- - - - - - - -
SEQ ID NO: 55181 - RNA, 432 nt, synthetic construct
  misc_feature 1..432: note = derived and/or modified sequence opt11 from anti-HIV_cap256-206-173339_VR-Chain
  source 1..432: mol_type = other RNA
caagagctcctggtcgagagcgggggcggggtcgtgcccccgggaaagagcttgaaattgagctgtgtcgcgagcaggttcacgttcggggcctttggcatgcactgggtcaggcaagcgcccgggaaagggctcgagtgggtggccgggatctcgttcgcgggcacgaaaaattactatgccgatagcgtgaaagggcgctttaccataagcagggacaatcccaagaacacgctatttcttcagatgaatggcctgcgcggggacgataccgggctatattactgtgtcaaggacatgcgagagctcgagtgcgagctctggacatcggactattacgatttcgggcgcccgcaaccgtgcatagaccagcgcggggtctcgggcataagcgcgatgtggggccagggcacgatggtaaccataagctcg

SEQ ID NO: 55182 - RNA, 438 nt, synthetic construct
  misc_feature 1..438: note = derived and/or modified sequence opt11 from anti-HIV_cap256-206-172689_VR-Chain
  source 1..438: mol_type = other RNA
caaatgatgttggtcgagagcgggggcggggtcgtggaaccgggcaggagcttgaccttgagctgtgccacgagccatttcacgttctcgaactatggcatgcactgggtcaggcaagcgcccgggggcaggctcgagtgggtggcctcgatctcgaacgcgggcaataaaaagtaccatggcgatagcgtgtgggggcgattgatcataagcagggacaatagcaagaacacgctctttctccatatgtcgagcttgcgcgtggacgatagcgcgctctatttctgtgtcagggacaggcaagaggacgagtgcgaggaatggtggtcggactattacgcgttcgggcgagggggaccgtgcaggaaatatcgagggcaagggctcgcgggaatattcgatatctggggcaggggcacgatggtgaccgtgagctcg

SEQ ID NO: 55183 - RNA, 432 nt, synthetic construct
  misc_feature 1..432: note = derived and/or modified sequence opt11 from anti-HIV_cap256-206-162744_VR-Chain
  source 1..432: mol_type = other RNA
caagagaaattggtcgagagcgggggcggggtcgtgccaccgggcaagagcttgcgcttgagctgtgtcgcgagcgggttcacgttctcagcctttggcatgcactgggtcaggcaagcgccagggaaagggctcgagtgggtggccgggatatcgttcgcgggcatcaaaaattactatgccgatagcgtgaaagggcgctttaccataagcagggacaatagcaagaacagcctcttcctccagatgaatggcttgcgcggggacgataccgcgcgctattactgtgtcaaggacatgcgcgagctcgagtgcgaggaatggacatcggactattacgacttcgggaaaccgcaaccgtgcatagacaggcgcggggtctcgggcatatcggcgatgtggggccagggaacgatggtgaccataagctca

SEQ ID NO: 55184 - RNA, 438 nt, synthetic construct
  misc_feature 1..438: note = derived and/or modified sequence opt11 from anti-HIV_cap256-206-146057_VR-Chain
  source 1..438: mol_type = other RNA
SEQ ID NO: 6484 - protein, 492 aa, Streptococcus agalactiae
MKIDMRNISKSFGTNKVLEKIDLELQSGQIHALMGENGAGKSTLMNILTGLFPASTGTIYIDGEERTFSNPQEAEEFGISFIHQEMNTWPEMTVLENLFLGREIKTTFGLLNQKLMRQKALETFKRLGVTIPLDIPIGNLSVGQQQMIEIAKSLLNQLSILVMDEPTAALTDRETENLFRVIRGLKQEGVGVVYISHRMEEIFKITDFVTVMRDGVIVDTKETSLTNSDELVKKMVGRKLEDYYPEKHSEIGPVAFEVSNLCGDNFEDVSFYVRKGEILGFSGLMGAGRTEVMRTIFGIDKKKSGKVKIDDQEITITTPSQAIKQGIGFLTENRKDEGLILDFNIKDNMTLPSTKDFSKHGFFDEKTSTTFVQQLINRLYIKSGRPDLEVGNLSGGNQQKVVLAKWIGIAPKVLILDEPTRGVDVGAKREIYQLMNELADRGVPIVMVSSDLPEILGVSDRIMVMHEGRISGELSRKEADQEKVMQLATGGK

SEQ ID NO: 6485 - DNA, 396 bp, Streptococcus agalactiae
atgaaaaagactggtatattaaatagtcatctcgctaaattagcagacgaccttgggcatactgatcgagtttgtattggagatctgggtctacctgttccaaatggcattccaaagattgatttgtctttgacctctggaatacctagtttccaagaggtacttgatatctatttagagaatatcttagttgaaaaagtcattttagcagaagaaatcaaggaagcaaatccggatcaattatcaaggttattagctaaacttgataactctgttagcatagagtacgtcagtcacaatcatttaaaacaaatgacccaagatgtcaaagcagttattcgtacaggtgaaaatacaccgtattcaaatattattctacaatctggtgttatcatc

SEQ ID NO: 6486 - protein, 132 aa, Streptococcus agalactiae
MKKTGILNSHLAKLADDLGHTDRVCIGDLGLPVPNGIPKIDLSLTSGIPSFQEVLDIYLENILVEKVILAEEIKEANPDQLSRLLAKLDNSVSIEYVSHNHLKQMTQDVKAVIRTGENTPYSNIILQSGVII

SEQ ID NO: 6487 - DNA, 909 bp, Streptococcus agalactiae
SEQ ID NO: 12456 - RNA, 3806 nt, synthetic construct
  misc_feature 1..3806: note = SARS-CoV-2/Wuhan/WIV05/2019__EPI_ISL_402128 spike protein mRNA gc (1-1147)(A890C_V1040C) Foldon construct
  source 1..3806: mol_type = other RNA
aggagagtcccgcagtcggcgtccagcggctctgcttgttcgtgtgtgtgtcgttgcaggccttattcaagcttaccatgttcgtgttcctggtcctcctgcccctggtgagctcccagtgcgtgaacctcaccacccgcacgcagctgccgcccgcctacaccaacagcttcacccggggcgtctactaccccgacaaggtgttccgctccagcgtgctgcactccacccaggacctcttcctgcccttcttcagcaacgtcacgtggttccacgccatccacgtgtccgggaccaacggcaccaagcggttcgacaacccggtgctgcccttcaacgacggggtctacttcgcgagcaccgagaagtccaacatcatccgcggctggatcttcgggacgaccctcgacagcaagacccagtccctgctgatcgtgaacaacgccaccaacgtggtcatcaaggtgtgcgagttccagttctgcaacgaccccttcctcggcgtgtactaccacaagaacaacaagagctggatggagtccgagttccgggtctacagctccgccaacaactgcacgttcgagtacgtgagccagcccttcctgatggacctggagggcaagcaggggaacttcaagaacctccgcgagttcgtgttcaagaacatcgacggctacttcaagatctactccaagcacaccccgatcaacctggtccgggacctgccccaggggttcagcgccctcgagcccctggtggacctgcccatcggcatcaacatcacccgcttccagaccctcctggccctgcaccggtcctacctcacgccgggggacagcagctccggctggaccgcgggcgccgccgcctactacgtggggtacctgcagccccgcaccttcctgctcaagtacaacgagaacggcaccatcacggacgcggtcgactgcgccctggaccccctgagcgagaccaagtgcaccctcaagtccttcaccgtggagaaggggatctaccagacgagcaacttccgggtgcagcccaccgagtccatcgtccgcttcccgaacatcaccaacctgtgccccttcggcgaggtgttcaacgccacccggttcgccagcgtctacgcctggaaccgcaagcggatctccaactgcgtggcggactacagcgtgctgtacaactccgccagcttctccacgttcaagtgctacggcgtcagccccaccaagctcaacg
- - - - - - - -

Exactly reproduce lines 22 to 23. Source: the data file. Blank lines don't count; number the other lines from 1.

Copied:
SEQ ID NO: 6487 - DNA, 909 bp, Streptococcus agalactiae
SEQ ID NO: 12456 - RNA, 3806 nt, synthetic construct